Many avid researchers hit a stumbling block in identifying more about their ancestors, and they do not know how to overcome it. They get stuck for long periods of time not being able to find historical documentation. You must know how to keep your own research going. What do you do after you have exhausted all the records at your disposal online or in local repositories?
Letter from Freedmen Robert Hamilton and Patrick Allston Requesting Rations, Beaufort County, SC, 1868
Freedmen’s Bureau records are such a rich resource for African American genealogy and history. From these records, you can learn so much about what was happening where your ancestors were living just after the end of the Civil War. But, even in Freedmen’s Bureau records, it’s rare to find a document written by a freed person, and to be able to hear that person’s voice in the document.
You can discern a lot about the life of your ancestor from the descendants of those formerly enslaved that lived in communities that they established. If you are not fortunate enough to know of living descendants or surviving communities with which to start, search the following resources that mention the locality where your ancestor lived and names of people that lived in those areas.
In Sold on the Courthouse Steps, we discussed three types of sales of enslaved people through the local court system. We suggested that you search through newspapers to discover sheriff sales, equity court sales, and chancery court sales. Here are a few more...
An auction block at a commercial slave market is probably the most common visual that comes to mind when you think of people being separated from families during enslavement. You may be familiar with the sale of enslaved people through private parties, but numerous people were also sold through local courts with the courthouse as their backdrop. How would you find documentation of such cases, and what are examples of situations that would have brought about this end result? One quick way to find clues would be through historical newspapers.
Even though a vital record or a census can help you learn the names of forbears and where they lived, this minimal information is not sufficient enough to tell their story. Delve a little deeper in your search, and you may uncover the sweet finds that help you tell the story of your ancestor’s life.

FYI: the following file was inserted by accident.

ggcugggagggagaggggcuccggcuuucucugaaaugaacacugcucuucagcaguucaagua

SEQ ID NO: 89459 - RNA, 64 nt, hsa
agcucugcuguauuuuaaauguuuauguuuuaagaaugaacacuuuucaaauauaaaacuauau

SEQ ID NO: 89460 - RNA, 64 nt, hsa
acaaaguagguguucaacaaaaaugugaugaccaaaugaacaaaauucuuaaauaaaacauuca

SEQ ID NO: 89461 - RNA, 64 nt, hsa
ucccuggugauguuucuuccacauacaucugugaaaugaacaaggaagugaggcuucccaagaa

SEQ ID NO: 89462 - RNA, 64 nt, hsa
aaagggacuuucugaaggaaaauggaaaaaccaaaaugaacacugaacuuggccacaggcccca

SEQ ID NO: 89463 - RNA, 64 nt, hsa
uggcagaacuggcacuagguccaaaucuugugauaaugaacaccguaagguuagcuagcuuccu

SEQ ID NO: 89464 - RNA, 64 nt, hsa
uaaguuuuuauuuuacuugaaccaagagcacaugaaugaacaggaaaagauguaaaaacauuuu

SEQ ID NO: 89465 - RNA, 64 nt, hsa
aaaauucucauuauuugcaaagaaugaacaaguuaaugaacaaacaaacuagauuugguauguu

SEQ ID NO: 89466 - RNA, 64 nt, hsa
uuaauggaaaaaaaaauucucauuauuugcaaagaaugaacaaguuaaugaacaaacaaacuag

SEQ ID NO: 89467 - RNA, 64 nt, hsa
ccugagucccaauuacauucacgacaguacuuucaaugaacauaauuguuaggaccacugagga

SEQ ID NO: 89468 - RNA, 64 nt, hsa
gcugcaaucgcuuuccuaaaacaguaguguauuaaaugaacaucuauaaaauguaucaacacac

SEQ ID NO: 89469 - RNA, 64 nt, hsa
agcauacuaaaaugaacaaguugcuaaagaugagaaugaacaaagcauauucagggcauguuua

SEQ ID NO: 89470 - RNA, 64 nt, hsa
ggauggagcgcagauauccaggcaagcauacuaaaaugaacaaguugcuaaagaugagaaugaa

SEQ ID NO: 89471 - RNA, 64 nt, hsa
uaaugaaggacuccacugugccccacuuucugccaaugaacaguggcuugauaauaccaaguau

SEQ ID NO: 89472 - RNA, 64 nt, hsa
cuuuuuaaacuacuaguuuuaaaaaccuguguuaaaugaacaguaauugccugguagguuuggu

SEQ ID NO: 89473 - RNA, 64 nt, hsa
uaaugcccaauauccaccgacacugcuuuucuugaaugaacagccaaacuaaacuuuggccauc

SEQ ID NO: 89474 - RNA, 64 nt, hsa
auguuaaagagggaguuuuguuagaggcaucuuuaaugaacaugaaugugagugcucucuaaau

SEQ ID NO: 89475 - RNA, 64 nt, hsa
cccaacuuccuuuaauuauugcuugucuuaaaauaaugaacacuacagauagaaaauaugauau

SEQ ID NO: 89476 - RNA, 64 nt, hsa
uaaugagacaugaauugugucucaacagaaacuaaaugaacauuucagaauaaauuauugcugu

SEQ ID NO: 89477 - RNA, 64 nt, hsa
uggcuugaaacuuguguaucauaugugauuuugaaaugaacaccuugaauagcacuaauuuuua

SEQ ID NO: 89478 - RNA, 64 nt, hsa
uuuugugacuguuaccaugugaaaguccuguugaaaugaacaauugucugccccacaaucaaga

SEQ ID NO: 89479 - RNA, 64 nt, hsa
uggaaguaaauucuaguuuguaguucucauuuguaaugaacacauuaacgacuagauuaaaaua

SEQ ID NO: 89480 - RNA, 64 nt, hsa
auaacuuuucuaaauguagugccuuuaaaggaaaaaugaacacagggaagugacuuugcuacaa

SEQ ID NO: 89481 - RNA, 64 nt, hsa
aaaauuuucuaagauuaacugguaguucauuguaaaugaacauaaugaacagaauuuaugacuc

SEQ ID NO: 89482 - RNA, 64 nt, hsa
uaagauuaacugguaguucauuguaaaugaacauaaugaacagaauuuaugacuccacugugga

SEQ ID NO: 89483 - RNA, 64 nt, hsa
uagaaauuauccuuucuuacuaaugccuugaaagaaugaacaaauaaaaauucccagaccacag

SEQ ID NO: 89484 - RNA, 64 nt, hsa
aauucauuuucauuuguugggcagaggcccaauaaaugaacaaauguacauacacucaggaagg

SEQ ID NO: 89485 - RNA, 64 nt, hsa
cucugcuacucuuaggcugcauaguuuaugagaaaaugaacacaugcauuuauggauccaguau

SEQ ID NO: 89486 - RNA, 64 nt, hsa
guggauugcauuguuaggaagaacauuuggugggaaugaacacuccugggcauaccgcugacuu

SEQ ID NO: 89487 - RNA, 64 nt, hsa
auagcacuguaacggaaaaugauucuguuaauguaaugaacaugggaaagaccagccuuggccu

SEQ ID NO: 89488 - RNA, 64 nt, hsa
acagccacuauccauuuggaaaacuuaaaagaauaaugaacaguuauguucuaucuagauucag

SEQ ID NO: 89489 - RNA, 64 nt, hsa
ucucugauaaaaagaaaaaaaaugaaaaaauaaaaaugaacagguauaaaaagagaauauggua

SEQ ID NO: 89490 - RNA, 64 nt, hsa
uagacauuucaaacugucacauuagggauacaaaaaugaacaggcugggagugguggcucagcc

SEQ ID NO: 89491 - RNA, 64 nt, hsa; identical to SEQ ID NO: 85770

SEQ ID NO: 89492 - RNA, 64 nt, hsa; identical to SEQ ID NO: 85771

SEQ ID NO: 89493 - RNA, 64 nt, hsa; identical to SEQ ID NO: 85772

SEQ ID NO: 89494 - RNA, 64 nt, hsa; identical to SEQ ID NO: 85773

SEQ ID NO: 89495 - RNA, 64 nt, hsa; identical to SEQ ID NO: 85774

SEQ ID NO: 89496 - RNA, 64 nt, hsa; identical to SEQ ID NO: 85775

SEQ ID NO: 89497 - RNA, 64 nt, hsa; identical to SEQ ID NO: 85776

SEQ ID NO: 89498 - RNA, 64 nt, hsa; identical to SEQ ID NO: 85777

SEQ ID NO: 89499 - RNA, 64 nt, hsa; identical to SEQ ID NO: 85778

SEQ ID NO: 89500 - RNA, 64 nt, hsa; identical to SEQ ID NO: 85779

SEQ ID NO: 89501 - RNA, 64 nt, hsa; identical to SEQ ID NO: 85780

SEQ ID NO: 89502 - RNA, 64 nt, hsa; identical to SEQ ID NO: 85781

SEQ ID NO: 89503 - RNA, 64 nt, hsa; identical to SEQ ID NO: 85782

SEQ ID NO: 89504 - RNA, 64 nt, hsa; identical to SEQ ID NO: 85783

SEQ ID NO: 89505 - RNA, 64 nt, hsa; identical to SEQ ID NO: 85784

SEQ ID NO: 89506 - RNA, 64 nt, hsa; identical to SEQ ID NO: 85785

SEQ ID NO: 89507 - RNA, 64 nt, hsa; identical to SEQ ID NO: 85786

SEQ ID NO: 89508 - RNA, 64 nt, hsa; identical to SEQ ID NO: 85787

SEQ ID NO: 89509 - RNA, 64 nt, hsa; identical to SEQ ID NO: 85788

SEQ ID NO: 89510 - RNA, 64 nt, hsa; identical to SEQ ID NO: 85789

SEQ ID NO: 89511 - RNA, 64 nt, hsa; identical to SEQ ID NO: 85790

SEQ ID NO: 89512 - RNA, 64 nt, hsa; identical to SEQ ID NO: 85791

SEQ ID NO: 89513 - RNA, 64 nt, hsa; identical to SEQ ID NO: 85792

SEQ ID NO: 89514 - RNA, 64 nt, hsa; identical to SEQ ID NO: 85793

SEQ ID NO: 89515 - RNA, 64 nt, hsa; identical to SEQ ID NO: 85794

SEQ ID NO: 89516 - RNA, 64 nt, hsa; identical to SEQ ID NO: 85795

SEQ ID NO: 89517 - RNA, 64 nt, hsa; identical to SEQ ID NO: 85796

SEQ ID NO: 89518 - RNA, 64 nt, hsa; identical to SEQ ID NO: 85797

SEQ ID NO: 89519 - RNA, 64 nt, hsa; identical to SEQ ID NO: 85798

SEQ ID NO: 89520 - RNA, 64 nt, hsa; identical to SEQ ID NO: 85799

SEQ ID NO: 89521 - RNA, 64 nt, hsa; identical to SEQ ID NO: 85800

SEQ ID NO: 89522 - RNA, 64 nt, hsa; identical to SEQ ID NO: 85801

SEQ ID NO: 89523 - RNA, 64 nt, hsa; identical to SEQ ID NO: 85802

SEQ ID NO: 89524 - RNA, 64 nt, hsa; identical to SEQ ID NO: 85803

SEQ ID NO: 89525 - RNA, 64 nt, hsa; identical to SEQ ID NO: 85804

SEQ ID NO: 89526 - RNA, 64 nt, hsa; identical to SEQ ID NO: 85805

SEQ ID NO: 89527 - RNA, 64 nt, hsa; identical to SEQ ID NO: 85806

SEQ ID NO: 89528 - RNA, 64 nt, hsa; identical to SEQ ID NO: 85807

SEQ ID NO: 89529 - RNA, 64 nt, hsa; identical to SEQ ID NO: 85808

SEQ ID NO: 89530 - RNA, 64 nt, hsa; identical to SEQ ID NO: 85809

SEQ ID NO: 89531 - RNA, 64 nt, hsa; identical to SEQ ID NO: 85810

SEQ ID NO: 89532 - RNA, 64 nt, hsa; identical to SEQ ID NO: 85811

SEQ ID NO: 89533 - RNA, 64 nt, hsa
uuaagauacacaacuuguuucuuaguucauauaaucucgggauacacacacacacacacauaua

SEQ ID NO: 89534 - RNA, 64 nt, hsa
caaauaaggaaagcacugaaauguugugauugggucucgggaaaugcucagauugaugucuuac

When you begin researching, one of the first events that you should look to document is the most recent in your ancestor’s life. The most common recent events are death and burial.
In “Where a Death Certificate Can Lead,” we showed how you can use the census and city directories to learn more about the spouse and children of a deceased ancestor. We were able to identify the children of Joseph Barnett from census records, and we used a city directory to locate his daughter, Janie, and her husband. Hopefully, you also submitted the records you were able to find using the death certificate. We will now discuss other details on a death certificate that could make your genealogy come to life.
You can increase the chances of finding more information if you research your ancestor’s descendants to find living family members. You may benefit from what they know. You can use the process outlined in the next few blog posts to find extended family.
In our last post, we began the journey of discovering extended family by searching for Arthur (Atall, Arthol, Athol) Blake and his wife on the 1900 through the 1920 Censuses. We left you with the challenge of finding them on the 1930 and 1940 Censuses. If you...